Update: I've just realised that you can actually add attributes to an existing type by using TypeDescriptor.AddAttributes, which can be executed against an instance or a a type:
Mock<IRepository> repositoryMock = new Mock<IRepository>();
CustomAttribute attribute = new CustomAttribute();
// option #1: to the instance
TypeDescriptor.AddAttributes(repositoryMock.Object, attribute );
// option #2: to the generated type
If you need it, AddAttribute returns a TypeDescriptorProvider that can be passed to TypeDescriptor.RemoveProvider to remove the attributes afterwards.
Be aware that Attribute.GetCustomAttributes will not find attributes added at runtime in this way. Instead, use TypeDescriptor.GetAttributes.
I don't belive Moq (or any other mocking framework for that matter) supports custom attributes. I do know that Castle Proxy (the framework commonly used to actually create the class) does support it, but there'd be no way to access it through Moq.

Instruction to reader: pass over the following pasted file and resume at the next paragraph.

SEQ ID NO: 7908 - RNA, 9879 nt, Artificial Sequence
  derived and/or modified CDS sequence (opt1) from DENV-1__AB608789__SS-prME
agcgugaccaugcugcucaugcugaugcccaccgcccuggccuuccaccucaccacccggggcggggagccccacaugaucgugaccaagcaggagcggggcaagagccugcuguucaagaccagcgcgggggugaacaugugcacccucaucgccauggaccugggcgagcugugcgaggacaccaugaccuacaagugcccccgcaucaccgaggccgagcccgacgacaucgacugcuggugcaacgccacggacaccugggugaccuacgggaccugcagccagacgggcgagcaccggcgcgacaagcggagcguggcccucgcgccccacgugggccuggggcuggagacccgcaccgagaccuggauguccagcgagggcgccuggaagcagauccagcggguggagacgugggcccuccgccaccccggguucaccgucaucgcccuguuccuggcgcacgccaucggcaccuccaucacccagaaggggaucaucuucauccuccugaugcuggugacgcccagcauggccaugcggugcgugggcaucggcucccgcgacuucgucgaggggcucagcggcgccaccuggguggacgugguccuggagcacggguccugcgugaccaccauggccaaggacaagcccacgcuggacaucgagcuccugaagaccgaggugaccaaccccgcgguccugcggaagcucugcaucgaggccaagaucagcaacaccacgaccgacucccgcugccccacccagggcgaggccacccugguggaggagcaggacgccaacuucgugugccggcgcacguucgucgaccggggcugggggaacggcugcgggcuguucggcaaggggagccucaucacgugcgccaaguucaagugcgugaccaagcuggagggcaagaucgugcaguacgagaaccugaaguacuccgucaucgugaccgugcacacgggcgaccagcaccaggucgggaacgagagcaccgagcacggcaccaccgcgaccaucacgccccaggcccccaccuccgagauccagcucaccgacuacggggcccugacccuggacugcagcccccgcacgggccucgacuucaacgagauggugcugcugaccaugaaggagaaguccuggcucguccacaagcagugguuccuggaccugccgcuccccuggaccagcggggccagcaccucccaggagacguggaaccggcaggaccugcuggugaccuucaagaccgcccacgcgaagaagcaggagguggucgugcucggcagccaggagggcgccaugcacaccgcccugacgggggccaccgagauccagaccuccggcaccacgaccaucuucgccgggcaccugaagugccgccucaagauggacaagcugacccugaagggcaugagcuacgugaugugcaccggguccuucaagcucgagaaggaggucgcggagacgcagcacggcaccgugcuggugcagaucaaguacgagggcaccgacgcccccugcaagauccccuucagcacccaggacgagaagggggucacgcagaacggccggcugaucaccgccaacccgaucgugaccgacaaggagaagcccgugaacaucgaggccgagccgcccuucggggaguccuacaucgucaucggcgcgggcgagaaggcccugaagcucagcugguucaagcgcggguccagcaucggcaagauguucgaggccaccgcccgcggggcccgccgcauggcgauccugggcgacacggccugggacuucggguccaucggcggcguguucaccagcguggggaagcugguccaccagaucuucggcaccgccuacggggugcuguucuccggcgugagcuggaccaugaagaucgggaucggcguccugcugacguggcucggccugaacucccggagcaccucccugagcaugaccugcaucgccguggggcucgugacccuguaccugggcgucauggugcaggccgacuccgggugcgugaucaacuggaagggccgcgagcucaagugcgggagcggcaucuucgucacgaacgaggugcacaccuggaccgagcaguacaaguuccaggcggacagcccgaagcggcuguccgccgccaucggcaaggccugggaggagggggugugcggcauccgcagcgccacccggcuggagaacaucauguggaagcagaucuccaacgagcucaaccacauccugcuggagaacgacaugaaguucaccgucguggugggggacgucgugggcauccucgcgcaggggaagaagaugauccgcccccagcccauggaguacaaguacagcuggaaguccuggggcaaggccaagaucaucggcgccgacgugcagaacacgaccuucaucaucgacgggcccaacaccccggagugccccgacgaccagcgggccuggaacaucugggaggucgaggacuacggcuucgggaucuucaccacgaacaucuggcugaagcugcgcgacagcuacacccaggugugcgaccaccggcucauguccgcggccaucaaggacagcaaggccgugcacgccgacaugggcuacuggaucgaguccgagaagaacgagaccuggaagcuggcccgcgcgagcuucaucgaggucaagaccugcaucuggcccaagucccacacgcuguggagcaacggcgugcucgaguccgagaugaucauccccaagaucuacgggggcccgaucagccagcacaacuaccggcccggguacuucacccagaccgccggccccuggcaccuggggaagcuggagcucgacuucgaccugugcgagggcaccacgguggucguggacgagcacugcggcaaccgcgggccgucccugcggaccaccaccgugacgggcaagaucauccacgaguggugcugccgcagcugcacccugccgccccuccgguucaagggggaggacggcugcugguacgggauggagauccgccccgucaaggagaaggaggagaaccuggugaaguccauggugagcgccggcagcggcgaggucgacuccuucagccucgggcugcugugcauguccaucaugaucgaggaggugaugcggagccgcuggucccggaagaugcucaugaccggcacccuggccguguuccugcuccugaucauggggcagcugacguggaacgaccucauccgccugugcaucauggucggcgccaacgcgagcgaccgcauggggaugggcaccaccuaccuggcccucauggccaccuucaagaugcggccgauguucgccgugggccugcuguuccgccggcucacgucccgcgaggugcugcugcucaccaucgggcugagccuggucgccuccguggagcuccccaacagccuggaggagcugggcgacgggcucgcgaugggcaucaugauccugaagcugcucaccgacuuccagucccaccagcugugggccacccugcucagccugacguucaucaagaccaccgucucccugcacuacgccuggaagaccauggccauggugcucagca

Your best bet is to abstract your method of loading Attributes into an interface (that accepts the Type and the Attribute type) and then mock that.
Edit: For example:
public interface IAttributeStrategy
Attribute GetAttributes(Type owner, Type attributeType, bool inherit);
Attribute GetAttributes(Type owner, bool inherit);
public class DefaultAttributeStrategy : IAttributeStrategy
public Attribute GetAttributes(Type owner, Type attributeType, bool inherit)
return owner.GetCustomAttributes(attributeType, inherit);
public Attribute GetAttributes(Type owner, bool inherit)
The class that needs the attributes uses an instance of IAttributeStrategy (either through an IoC container, or having it optionally passed into the constructor). Usually it will be a DefaultAttributeStrategy, but you can now mock IAttributeStrategy in order to override the output.
It might sound convoluted, but adding a layer of abstraction is much easier than attempting to trying to actually mock Attributes.